I had been feeling like I was “dying” since around February 2016. I felt hopeless and constantly tired. My heart would skip beats, and exercising made me dizzy. I attributed most of my symptoms to anxiety and depression. And I was also in a very intense graduate program that caused me lots of extra stress.
I went to the mental health clinic on campus, and they diagnosed me with a major depressive episode. I was prescribed Prozac and talk therapy. Despite the medication and therapy, I continued to feel horrible.
One day, I went to the health clinic on campus due to shortness of breath, and they told me it was just a sinus infection. However, when I blew into the spirometer, I couldn’t elevate the device. The nurse said that was odd, but nothing came of it. I continued in my program, barely scraping by, constantly calling my mother telling her I felt like I was dying and I couldn’t go on like this.
On the morning of May 17, 2016, I became extremely dizzy while walking to class. I saw black dots and felt fluttering in my heart. I thought that I must be having a bad panic attack. I tried the breathing techniques my therapist taught me, but I still did not feel normal. I broke down crying and texted my mom, who is a nurse. I told her I felt like I had an elephant on my chest. She told me I needed to go to the ER.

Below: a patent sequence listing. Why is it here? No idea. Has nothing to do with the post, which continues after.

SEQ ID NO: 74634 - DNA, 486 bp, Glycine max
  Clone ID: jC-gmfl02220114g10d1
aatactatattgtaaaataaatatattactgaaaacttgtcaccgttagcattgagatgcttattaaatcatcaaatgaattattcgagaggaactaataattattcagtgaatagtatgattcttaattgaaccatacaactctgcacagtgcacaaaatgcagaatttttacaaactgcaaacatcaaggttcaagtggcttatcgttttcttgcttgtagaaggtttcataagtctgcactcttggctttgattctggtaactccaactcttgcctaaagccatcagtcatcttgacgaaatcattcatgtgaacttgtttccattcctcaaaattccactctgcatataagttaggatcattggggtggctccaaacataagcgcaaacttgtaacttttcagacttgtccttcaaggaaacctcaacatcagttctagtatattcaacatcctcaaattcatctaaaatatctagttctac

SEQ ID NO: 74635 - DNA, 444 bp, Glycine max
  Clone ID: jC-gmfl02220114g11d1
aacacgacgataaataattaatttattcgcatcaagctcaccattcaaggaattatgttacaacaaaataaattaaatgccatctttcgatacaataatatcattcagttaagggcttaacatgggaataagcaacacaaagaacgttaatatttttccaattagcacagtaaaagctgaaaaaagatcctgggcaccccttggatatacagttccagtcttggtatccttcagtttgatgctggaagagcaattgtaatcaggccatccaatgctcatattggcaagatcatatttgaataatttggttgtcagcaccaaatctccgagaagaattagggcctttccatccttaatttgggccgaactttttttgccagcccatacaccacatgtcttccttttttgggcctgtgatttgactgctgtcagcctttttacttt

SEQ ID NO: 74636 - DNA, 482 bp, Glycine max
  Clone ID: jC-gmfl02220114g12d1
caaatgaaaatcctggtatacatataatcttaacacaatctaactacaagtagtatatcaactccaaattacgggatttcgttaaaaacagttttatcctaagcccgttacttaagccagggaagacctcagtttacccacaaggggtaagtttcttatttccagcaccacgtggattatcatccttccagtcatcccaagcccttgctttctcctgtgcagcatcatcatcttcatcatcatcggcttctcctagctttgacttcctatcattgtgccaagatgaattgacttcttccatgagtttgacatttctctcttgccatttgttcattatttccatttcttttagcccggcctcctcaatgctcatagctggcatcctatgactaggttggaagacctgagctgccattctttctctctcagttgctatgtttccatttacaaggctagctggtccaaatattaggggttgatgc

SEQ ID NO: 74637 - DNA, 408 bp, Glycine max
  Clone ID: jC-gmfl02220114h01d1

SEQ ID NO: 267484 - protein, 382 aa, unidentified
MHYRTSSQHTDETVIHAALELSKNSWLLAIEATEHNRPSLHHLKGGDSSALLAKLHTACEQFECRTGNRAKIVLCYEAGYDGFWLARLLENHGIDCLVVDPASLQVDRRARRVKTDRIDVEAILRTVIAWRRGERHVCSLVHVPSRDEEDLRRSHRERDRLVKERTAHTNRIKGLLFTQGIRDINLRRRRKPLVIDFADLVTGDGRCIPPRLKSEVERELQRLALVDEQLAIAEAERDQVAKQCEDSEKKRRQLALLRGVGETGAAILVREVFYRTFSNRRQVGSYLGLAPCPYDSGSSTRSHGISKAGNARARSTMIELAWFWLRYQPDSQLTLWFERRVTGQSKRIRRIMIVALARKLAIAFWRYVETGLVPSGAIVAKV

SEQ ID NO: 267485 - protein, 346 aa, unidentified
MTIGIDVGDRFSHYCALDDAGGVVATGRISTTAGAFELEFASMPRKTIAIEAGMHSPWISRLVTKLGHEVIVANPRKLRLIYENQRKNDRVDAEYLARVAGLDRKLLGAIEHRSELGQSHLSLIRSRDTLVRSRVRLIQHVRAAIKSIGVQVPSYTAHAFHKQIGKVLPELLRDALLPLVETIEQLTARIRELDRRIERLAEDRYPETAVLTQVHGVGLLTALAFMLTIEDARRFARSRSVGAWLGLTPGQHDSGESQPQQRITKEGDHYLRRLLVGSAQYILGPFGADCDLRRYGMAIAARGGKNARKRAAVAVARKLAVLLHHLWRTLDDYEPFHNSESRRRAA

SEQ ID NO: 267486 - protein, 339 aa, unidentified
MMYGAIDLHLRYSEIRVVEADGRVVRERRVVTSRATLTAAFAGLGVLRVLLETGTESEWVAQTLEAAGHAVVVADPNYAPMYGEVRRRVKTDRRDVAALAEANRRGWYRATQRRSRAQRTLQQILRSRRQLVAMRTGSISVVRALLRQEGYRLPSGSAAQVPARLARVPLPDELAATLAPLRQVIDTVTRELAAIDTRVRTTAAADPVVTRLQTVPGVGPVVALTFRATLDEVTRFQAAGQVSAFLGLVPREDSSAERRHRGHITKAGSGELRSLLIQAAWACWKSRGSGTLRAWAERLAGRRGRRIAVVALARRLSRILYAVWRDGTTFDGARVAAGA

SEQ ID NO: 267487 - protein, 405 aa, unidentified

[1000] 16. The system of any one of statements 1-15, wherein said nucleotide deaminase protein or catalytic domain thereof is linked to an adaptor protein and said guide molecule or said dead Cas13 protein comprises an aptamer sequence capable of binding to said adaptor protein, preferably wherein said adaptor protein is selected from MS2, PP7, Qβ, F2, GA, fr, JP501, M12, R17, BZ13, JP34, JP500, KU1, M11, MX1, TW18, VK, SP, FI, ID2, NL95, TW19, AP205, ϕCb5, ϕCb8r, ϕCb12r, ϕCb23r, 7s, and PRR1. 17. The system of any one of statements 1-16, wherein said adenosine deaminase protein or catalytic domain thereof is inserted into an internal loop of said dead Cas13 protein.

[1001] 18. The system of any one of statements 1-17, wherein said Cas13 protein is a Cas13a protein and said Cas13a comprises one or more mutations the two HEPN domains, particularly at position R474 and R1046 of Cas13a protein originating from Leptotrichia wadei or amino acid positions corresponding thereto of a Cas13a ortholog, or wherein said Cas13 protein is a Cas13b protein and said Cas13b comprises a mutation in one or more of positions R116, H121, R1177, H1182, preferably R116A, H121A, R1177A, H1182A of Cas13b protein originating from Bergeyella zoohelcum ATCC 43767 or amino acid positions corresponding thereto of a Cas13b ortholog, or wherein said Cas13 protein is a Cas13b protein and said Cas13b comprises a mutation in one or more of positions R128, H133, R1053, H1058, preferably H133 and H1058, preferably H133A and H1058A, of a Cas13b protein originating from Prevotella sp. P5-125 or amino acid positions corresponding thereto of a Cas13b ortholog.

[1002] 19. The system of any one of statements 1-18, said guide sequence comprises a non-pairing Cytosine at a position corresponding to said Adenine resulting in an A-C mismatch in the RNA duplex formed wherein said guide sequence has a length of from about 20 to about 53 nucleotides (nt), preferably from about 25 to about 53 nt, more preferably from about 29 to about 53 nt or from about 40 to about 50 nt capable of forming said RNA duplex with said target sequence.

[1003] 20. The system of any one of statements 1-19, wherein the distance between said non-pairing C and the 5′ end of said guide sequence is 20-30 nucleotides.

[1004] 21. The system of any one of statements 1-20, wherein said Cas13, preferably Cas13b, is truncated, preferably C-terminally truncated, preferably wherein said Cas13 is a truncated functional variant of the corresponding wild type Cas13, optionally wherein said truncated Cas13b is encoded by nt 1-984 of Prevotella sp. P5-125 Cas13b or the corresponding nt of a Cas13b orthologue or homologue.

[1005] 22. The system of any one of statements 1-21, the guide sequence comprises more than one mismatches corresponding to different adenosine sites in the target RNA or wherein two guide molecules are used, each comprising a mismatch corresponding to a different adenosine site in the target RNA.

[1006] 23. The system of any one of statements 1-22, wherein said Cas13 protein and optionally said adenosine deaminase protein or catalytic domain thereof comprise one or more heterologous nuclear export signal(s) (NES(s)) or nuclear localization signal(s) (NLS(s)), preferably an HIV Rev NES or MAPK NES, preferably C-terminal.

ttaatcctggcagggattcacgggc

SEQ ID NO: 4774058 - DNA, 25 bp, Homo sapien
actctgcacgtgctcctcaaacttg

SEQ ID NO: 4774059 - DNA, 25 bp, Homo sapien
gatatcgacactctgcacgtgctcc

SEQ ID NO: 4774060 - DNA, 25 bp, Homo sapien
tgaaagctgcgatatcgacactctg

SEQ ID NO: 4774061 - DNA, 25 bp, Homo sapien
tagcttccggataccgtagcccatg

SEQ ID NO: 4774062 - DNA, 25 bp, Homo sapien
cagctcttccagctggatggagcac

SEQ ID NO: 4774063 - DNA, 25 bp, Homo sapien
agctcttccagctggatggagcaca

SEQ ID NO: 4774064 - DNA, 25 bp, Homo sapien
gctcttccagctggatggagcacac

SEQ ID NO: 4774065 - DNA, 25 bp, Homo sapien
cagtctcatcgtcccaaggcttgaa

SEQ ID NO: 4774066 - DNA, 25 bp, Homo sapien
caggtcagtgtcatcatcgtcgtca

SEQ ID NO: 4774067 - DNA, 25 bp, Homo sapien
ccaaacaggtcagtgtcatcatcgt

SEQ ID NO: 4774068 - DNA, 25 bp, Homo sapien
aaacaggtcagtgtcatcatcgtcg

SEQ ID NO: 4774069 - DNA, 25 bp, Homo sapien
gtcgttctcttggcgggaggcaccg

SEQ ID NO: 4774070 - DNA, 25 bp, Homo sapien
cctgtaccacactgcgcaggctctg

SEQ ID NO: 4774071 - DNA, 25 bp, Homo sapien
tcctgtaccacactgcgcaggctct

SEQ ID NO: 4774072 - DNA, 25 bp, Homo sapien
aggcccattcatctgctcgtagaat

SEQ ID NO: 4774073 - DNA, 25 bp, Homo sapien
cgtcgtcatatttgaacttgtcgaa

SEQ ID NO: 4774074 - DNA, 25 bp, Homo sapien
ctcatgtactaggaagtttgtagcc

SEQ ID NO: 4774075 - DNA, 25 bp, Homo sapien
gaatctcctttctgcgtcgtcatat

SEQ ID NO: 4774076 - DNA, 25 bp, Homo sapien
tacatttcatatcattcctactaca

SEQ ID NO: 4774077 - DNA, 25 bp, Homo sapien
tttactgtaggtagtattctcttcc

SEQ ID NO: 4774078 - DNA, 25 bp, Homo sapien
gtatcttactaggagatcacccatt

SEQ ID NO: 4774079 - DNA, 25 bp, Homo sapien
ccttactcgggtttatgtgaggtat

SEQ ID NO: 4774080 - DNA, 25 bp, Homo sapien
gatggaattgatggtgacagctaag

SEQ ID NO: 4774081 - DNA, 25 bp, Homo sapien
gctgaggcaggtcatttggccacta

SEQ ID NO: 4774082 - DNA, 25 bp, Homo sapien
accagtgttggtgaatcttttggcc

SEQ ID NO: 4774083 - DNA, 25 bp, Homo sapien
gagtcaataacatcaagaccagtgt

At the ER they said my vitals were fine, but they would check me out to be safe. After waiting many hours, they finally ran a d-dimer which came back elevated. A CT of my lungs confirmed blood clots, or pulmonary emboli (PE).
In terms of risk factors, I had started taking a hormonal contraceptive a few months earlier. I do not have an identified clotting disorder.
Following my diagnosis, I had to learn how to handle the anxiety and fear of a potential recurrence. I also need blood thinners during and after pregnancies, for long trips, or following surgeries. I have had two successful pregnancies thanks to blood thinners and am grateful to be alive today.
My advice for others is to be patient with yourself throughout your recovery. I hope my story leads someone who feels “off” to get checked out. Believe in your gut feeling. You know your body best, and it just may save your life!